Archive for 2005

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Reducing Disparities in Cancer Health Care

Map of Eastern United States, Highlighting Appalachia Region

Reducing cancer health disparities is one of the key challenges for the National Cancer Institute (NCI). In 1989, former Secretary of Health and Human Services, Louis Sullivan, M.D., organized the NCI Black Leadership Initiative, and formation of a Hispanic and Appalachian Leadership Initiative soon followed in 1992.

In 2001, NCI formed the Center to Reduce Cancer Health Disparities to implement critical tasks in translating discovery into delivery. In 2005, NCI launched a new program to reduce cancer deaths among minority and underserved populations through $95 million in grants that will fund community-based projects in geographically and culturally diverse areas of the country. The new initiative, the Community Networks Program (CNP), is part of NCI’s ongoing efforts to understand why some population groups — often minorities and the poor — have higher cancer rates than others, and to eliminate disparities by involving local communities in education, research, and training.

Cancer Health Disparities: A Fact Sheet

Map of Eastern United States, Highlighting Appalachia Region

Cancer affects people of all racial and ethnic groups. An estimated 570,000 Americans are expected to die of the disease in 2005. However, a close look at cancer rates for racial and ethnic groups reveals some significant differences. Such differences have been described as health disparities. A National Institutes of Health (NIH) working group defined health disparities as differences in the incidence (new cases), prevalence (all existing cases), mortality (death), and burden of cancer and related adverse health conditions that exist among specific population groups in the United States.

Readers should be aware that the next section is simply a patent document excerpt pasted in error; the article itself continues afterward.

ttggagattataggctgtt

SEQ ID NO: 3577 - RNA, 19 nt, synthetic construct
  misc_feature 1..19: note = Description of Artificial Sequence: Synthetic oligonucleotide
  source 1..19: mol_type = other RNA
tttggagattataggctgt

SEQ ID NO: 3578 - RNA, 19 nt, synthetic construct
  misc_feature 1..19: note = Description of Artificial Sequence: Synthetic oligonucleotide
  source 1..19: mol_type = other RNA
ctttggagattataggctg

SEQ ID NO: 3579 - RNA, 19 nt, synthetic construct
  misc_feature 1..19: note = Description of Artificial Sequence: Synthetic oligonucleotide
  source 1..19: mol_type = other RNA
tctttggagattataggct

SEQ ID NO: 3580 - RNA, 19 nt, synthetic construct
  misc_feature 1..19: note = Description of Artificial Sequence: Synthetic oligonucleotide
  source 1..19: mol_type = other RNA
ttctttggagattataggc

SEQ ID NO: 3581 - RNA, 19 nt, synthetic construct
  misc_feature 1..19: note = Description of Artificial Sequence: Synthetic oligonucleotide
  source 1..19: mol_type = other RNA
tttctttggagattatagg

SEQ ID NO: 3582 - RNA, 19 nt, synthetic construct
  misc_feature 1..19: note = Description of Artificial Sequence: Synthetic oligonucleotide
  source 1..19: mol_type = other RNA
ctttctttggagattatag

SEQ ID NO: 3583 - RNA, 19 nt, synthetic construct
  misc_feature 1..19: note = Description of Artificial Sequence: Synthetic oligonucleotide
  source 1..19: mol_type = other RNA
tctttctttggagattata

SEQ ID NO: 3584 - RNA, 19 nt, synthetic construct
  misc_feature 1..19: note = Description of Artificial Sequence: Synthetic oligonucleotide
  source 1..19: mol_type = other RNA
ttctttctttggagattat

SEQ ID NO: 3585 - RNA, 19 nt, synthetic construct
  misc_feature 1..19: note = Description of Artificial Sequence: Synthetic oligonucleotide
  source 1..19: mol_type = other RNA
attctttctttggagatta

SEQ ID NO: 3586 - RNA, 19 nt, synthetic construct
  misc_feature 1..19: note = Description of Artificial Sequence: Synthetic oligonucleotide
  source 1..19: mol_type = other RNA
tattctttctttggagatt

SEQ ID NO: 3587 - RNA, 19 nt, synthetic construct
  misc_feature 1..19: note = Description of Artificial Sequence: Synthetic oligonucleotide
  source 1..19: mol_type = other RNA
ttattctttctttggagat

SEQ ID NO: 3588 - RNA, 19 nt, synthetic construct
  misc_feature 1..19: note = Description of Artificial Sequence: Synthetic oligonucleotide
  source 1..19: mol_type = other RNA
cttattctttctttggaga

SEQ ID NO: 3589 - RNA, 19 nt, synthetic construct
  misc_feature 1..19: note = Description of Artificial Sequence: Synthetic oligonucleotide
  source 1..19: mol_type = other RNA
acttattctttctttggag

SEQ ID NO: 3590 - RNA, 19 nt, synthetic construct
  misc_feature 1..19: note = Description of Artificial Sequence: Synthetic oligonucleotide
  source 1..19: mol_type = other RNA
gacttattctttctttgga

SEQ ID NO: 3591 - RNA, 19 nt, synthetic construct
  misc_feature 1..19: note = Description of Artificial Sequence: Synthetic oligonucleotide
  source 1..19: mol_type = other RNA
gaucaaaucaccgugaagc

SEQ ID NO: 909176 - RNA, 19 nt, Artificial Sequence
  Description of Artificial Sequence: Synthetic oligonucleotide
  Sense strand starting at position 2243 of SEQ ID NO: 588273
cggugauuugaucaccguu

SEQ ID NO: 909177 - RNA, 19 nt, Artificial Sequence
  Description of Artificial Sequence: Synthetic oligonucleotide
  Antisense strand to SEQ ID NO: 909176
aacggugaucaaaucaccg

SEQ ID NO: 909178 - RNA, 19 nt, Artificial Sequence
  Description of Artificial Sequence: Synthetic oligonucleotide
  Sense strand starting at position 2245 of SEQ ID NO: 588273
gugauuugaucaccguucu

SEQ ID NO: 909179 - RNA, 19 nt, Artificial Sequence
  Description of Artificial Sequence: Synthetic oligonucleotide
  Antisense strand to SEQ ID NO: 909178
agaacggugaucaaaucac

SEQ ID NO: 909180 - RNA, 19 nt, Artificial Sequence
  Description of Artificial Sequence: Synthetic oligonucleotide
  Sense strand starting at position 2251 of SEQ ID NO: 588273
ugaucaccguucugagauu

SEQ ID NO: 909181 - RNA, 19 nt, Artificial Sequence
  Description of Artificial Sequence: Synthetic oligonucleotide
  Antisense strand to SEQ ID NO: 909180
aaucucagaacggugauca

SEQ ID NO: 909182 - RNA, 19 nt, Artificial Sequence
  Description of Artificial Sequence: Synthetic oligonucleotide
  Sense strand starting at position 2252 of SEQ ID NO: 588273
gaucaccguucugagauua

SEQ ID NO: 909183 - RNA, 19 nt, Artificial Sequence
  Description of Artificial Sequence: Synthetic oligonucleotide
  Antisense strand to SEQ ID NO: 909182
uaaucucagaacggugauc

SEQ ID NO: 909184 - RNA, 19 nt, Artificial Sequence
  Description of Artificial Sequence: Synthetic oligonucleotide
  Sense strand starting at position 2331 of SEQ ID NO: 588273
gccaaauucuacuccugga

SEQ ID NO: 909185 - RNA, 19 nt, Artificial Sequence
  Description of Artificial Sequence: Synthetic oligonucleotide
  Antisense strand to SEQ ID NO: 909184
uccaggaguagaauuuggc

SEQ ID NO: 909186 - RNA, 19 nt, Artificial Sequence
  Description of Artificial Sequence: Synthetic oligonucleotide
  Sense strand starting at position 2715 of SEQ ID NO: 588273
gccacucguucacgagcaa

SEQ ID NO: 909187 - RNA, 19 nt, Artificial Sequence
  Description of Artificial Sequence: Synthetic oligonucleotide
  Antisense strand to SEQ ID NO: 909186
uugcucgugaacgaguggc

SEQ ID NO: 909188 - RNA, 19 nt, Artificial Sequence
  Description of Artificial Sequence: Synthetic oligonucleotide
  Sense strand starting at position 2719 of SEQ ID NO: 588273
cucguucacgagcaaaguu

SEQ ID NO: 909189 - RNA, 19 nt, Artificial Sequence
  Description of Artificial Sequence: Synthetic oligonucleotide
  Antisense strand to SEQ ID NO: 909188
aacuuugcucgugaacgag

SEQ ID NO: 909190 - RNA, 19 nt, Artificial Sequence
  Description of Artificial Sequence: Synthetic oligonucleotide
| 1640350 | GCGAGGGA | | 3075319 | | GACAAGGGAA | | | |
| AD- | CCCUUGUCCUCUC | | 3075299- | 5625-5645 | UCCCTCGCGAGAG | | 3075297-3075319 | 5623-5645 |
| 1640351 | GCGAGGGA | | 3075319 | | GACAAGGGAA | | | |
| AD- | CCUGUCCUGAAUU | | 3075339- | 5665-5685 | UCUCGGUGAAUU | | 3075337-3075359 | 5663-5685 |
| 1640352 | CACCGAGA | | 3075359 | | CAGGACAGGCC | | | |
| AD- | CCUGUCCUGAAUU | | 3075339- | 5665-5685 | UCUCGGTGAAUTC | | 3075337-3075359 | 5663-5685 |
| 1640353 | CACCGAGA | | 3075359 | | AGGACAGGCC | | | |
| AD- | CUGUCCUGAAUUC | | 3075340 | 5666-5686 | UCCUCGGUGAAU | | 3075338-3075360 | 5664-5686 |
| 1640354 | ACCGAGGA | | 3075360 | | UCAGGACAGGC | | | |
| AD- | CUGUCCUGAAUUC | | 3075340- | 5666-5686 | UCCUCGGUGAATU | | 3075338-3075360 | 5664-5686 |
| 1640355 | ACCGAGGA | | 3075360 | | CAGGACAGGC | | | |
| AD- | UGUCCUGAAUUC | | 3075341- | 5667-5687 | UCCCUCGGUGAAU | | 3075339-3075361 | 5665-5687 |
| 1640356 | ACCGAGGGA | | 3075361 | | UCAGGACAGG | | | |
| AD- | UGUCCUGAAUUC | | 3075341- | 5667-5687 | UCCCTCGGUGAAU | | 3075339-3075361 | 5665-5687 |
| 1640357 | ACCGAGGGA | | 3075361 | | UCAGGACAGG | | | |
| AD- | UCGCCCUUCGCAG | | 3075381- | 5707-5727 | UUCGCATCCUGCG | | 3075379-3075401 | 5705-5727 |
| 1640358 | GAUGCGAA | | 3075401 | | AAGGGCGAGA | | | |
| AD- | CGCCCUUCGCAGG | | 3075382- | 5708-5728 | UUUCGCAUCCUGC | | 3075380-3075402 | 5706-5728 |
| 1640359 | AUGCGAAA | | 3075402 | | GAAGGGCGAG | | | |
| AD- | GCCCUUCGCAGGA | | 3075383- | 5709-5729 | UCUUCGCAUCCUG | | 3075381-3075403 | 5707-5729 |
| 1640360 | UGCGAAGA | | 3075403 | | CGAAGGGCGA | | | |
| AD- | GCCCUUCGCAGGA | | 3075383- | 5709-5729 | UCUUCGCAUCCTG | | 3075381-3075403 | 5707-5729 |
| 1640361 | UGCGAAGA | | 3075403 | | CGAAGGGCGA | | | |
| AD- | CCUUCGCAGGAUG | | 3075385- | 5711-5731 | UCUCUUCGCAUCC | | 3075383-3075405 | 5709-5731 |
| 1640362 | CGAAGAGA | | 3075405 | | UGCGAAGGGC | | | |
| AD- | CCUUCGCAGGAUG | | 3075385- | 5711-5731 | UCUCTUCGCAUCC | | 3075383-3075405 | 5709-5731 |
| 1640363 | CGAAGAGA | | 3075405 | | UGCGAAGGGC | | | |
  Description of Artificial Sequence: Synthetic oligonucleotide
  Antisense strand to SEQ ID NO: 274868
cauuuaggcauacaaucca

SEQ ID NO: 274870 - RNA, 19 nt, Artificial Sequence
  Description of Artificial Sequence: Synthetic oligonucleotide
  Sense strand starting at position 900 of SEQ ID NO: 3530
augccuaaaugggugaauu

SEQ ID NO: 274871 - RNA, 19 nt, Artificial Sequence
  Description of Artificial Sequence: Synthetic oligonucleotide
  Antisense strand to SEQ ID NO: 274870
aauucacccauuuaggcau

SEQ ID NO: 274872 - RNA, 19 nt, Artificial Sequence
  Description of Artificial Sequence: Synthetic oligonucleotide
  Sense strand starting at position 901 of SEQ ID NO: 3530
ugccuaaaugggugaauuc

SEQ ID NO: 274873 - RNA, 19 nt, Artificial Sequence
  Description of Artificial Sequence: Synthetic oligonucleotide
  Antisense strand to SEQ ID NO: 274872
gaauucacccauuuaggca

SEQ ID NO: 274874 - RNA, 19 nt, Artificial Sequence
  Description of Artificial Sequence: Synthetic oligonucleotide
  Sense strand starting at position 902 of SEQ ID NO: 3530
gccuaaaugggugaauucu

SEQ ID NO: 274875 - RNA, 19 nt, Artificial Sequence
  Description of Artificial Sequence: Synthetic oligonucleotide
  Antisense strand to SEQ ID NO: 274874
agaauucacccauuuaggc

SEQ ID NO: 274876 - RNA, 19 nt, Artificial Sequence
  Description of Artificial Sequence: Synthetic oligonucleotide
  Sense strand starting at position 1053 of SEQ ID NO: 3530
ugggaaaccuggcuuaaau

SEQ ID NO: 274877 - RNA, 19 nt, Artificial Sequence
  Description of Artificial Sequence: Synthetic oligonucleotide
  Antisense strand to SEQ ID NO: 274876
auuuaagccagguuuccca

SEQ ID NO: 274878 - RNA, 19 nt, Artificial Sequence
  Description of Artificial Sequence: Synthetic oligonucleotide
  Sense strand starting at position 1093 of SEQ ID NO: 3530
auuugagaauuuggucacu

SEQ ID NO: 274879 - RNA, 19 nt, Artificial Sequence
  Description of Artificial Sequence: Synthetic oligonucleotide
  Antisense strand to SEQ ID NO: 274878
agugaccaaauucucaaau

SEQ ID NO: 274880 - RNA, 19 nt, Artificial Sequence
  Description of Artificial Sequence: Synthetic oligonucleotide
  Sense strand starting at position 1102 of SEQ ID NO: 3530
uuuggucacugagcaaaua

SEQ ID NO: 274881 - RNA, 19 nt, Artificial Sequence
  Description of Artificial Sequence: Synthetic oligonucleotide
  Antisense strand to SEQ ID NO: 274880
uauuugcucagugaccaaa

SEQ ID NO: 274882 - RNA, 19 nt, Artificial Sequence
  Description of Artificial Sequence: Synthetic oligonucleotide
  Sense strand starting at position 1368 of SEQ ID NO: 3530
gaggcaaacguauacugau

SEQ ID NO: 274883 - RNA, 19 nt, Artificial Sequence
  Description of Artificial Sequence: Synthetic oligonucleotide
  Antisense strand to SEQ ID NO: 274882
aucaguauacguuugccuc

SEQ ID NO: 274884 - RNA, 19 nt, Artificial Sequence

A New Understanding of Pain Management

A human silhouette showing pain centers in the chest area and wrist

Ann Berger, M.D., joined the National Institutes of Health (NIH) in 2000 to launch and manage the Pain and Palliative Care Service at the NIH Clinical Center. She has lectured and published extensively in her field of medical oncology, pain and palliative care, and is senior editor of Principles and Practices of Palliative Care and Supportive Oncology, published in 1998, 2002, and again in 2006. BenchMarks talked with her about her work in pain management.

How did you become interested in the emerging field of palliative care?

When I was 14, I watched my grandfather die of bladder cancer, and my family was overwhelmed by the impact of his illness. I saw firsthand how the effects of disease can ricochet among family members and back to the patient, and I carried those lessons throughout my training as a nurse and then as an oncologist. As a doctor, I came onto the scene just as the palliative care movement was gathering momentum, addressing the many needs of dying patients…